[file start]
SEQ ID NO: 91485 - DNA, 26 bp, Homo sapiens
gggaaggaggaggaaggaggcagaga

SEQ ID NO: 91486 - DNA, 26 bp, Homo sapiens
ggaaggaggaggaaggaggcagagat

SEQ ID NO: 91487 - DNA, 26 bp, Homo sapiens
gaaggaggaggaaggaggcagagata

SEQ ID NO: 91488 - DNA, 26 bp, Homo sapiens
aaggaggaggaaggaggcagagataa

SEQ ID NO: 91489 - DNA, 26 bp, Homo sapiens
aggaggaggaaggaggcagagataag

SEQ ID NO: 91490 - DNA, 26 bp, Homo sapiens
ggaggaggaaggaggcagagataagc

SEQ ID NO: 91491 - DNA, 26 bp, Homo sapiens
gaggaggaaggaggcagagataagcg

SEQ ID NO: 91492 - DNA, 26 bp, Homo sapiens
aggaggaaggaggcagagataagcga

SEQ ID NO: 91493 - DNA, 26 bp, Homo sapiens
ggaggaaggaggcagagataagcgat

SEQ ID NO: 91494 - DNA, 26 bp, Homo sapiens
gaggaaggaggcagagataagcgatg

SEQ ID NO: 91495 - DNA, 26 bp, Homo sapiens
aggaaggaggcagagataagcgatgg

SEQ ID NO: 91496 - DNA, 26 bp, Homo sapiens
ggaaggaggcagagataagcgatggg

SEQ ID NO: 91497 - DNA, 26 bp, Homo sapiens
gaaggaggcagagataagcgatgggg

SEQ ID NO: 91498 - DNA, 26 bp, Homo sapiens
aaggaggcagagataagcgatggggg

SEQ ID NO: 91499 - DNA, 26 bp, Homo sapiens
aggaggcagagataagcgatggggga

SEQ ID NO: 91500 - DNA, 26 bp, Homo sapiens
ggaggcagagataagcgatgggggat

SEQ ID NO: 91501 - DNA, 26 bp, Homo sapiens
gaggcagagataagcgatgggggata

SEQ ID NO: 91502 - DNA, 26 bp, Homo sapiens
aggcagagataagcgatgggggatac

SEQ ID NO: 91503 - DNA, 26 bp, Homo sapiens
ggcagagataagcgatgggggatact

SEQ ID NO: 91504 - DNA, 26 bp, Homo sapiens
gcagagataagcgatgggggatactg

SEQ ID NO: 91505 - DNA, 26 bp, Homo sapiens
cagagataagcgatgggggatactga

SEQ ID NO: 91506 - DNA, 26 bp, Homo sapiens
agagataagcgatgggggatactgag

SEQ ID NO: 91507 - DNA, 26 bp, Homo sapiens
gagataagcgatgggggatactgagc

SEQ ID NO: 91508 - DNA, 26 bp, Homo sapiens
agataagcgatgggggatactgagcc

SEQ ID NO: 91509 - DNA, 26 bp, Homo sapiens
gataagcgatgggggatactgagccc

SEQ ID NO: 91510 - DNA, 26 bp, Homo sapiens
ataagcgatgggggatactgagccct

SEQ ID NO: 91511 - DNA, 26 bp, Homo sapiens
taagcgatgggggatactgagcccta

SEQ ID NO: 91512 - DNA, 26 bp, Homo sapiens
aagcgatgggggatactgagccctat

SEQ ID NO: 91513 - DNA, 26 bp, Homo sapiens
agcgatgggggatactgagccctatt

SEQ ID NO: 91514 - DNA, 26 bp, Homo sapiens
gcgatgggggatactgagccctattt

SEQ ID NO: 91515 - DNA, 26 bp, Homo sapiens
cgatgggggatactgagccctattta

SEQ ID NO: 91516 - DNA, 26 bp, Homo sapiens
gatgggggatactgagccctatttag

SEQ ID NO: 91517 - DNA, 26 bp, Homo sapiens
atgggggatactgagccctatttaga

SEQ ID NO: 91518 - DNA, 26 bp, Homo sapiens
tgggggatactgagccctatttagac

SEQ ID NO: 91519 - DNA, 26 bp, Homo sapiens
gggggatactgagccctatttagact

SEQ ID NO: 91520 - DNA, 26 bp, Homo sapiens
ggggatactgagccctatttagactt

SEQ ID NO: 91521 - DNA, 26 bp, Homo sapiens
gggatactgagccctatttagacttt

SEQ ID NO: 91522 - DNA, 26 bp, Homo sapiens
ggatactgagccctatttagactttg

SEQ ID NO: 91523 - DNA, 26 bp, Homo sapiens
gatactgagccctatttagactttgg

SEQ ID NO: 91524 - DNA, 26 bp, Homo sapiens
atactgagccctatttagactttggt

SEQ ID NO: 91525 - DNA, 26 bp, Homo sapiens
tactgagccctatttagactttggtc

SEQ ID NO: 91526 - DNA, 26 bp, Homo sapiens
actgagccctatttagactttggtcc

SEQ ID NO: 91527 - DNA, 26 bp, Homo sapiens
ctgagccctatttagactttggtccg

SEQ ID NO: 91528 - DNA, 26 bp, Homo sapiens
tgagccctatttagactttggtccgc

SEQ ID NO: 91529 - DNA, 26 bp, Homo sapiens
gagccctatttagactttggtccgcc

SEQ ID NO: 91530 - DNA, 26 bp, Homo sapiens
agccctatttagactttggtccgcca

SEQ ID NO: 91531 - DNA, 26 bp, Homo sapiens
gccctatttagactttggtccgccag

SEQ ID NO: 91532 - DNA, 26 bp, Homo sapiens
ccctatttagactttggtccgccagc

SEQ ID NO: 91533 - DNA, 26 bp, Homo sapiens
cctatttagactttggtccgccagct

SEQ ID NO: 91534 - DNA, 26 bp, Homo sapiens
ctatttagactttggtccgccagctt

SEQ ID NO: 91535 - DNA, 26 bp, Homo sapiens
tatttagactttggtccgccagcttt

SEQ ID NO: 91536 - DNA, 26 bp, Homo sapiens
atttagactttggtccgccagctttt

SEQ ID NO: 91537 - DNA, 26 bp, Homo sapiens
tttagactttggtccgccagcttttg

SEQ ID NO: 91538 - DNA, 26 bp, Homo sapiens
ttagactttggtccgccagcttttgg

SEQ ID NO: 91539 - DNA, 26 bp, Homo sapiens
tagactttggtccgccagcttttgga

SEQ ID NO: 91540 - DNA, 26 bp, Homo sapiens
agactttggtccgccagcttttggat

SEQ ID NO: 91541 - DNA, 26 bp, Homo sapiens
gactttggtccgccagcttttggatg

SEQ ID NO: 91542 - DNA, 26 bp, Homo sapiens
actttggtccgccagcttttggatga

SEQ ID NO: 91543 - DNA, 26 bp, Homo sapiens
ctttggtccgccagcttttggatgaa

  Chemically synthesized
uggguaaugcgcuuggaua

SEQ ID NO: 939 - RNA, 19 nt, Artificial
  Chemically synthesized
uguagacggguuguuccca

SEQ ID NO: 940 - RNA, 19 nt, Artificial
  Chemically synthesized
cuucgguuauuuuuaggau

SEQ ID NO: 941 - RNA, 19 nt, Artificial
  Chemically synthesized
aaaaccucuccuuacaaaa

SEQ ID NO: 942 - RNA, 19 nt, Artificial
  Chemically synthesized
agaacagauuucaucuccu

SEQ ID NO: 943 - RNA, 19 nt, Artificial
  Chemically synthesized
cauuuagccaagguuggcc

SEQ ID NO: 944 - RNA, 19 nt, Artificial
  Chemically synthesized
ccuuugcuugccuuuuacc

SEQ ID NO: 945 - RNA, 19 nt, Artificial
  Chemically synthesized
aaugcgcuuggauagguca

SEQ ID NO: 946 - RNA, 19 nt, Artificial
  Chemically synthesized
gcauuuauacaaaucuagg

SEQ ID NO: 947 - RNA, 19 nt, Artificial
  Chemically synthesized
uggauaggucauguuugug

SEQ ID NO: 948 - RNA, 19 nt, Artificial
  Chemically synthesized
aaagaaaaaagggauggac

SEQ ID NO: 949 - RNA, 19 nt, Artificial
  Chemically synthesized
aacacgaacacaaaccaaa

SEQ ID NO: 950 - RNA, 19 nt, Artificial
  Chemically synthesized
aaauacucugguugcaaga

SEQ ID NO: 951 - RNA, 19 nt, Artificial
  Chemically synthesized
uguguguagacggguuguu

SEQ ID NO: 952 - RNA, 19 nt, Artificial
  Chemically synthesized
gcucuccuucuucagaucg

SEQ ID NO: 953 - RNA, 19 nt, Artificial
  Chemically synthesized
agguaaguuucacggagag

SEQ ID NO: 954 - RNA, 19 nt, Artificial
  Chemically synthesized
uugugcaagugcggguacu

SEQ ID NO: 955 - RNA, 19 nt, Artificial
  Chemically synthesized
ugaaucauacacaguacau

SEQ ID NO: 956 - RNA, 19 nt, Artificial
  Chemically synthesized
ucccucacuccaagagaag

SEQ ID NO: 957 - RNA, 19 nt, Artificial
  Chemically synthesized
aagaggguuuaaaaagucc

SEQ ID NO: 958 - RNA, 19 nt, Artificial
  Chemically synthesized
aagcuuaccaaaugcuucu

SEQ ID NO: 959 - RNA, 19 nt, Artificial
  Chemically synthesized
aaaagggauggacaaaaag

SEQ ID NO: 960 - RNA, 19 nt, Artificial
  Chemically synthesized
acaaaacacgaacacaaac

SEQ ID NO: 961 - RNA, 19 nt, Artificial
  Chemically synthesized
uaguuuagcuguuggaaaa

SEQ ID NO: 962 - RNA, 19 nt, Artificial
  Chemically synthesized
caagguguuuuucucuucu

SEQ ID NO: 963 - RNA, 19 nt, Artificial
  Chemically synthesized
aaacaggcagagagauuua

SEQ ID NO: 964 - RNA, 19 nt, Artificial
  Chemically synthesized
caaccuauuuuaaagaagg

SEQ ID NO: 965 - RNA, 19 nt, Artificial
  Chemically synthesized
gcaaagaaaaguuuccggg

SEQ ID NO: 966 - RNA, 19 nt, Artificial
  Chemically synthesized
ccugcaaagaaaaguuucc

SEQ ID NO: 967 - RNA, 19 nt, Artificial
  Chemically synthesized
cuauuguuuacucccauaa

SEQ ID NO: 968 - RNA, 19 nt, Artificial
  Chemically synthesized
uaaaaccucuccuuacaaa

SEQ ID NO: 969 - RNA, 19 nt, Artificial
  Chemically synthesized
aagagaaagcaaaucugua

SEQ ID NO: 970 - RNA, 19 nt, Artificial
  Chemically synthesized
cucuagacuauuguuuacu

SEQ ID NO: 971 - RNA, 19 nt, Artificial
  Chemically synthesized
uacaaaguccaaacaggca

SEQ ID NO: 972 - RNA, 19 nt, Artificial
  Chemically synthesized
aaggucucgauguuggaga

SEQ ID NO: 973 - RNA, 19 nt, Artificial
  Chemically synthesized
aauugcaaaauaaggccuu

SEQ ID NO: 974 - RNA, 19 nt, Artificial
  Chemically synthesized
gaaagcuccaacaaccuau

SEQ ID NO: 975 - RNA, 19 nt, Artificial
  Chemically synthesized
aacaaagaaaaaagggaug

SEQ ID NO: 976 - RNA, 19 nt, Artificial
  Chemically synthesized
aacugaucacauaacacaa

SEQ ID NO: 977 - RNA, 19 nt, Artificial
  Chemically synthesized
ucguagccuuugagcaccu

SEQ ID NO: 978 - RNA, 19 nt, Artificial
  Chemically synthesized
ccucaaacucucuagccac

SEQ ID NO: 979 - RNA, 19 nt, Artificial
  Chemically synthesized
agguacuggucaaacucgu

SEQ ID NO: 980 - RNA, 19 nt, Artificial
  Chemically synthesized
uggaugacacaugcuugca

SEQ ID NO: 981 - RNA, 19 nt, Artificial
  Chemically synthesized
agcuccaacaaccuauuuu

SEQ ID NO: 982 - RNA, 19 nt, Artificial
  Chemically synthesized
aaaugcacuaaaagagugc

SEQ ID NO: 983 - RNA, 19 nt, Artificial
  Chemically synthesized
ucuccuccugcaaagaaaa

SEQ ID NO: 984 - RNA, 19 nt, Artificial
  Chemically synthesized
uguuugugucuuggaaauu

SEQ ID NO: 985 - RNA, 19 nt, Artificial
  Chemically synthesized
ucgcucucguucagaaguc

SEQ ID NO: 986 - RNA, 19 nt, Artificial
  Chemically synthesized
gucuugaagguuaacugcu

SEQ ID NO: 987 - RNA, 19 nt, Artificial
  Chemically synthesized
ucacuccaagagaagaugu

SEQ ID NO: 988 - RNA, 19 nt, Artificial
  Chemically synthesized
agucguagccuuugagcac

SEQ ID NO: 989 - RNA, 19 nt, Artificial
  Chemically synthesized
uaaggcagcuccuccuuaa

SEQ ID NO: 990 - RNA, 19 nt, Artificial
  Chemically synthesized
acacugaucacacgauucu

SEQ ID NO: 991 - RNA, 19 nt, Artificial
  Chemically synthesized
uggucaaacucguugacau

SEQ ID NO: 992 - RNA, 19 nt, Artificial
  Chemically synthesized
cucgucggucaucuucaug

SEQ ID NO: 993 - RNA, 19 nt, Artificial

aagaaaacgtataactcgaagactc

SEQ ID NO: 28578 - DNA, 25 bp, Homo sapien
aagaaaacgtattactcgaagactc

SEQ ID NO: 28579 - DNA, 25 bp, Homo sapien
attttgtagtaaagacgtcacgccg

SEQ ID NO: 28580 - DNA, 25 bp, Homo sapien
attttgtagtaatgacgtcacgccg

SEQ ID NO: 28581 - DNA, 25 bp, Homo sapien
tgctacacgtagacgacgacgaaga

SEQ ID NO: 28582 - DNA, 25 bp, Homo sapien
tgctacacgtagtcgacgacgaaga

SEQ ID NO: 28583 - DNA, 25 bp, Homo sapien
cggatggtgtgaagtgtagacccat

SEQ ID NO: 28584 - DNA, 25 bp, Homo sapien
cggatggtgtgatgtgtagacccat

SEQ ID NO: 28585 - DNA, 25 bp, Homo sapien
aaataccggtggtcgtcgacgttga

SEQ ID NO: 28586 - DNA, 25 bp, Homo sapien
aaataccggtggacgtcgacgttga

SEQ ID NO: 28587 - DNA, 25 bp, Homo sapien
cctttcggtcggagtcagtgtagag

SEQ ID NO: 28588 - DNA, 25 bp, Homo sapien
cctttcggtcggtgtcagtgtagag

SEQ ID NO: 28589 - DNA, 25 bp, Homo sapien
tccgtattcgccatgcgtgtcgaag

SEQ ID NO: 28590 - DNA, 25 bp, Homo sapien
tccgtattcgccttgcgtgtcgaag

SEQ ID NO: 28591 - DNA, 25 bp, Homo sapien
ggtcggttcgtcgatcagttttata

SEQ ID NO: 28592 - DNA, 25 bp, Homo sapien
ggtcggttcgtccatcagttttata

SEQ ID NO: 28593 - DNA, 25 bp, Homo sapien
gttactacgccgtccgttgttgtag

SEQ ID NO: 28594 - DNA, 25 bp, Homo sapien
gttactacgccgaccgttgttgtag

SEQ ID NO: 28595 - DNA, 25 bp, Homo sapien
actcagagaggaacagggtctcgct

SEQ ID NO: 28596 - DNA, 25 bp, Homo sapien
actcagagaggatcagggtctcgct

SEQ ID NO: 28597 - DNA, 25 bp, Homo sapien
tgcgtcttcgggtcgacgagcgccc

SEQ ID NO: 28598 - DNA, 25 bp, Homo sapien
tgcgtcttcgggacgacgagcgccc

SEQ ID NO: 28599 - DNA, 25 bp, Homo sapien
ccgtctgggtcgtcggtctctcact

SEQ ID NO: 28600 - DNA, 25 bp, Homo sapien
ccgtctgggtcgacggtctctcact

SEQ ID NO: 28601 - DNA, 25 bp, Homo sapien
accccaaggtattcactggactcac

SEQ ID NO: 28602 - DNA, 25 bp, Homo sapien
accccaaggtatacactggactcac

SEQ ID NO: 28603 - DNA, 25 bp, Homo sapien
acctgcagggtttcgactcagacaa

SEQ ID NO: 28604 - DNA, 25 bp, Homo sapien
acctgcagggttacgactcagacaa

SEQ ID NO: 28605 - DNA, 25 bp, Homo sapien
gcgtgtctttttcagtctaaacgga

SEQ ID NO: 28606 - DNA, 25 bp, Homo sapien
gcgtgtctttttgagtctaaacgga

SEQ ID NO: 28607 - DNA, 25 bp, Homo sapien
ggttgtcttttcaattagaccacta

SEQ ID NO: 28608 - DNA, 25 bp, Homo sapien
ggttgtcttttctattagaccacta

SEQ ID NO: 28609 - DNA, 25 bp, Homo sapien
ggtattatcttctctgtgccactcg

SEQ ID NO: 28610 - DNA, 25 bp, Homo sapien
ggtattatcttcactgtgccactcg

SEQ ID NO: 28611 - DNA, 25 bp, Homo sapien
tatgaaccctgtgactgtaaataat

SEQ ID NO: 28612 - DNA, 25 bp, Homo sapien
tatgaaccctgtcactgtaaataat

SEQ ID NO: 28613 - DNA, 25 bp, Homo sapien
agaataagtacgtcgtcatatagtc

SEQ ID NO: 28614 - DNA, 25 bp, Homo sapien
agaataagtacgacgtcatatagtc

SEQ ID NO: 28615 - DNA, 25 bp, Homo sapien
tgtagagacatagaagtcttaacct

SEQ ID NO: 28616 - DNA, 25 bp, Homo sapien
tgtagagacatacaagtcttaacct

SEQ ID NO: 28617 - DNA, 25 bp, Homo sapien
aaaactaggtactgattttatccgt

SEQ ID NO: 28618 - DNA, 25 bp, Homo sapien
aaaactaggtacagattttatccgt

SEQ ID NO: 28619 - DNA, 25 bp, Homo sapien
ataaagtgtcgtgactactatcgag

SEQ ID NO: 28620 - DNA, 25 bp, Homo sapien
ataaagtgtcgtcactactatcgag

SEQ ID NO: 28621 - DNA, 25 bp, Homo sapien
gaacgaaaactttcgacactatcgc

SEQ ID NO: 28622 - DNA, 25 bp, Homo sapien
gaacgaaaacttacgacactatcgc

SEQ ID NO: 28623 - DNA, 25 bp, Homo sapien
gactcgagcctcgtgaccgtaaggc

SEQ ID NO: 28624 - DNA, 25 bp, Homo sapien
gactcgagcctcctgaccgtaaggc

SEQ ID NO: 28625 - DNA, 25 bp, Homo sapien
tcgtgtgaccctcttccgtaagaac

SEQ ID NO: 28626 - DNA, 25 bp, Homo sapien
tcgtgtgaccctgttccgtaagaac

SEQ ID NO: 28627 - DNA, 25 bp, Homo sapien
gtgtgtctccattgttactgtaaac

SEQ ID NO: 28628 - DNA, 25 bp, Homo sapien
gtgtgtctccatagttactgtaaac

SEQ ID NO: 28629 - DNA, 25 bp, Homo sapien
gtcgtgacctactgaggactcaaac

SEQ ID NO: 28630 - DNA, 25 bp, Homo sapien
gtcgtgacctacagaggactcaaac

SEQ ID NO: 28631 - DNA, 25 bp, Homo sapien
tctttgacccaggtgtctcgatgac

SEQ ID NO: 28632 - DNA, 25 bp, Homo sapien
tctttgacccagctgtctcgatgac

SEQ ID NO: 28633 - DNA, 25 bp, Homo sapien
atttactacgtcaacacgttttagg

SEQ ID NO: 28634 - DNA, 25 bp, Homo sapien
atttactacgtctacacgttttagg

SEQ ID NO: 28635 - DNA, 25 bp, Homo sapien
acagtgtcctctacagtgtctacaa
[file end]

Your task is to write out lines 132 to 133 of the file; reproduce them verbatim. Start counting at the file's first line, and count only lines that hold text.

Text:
agaacagauuucaucuccu

SEQ ID NO: 943 - RNA, 19 nt, Artificial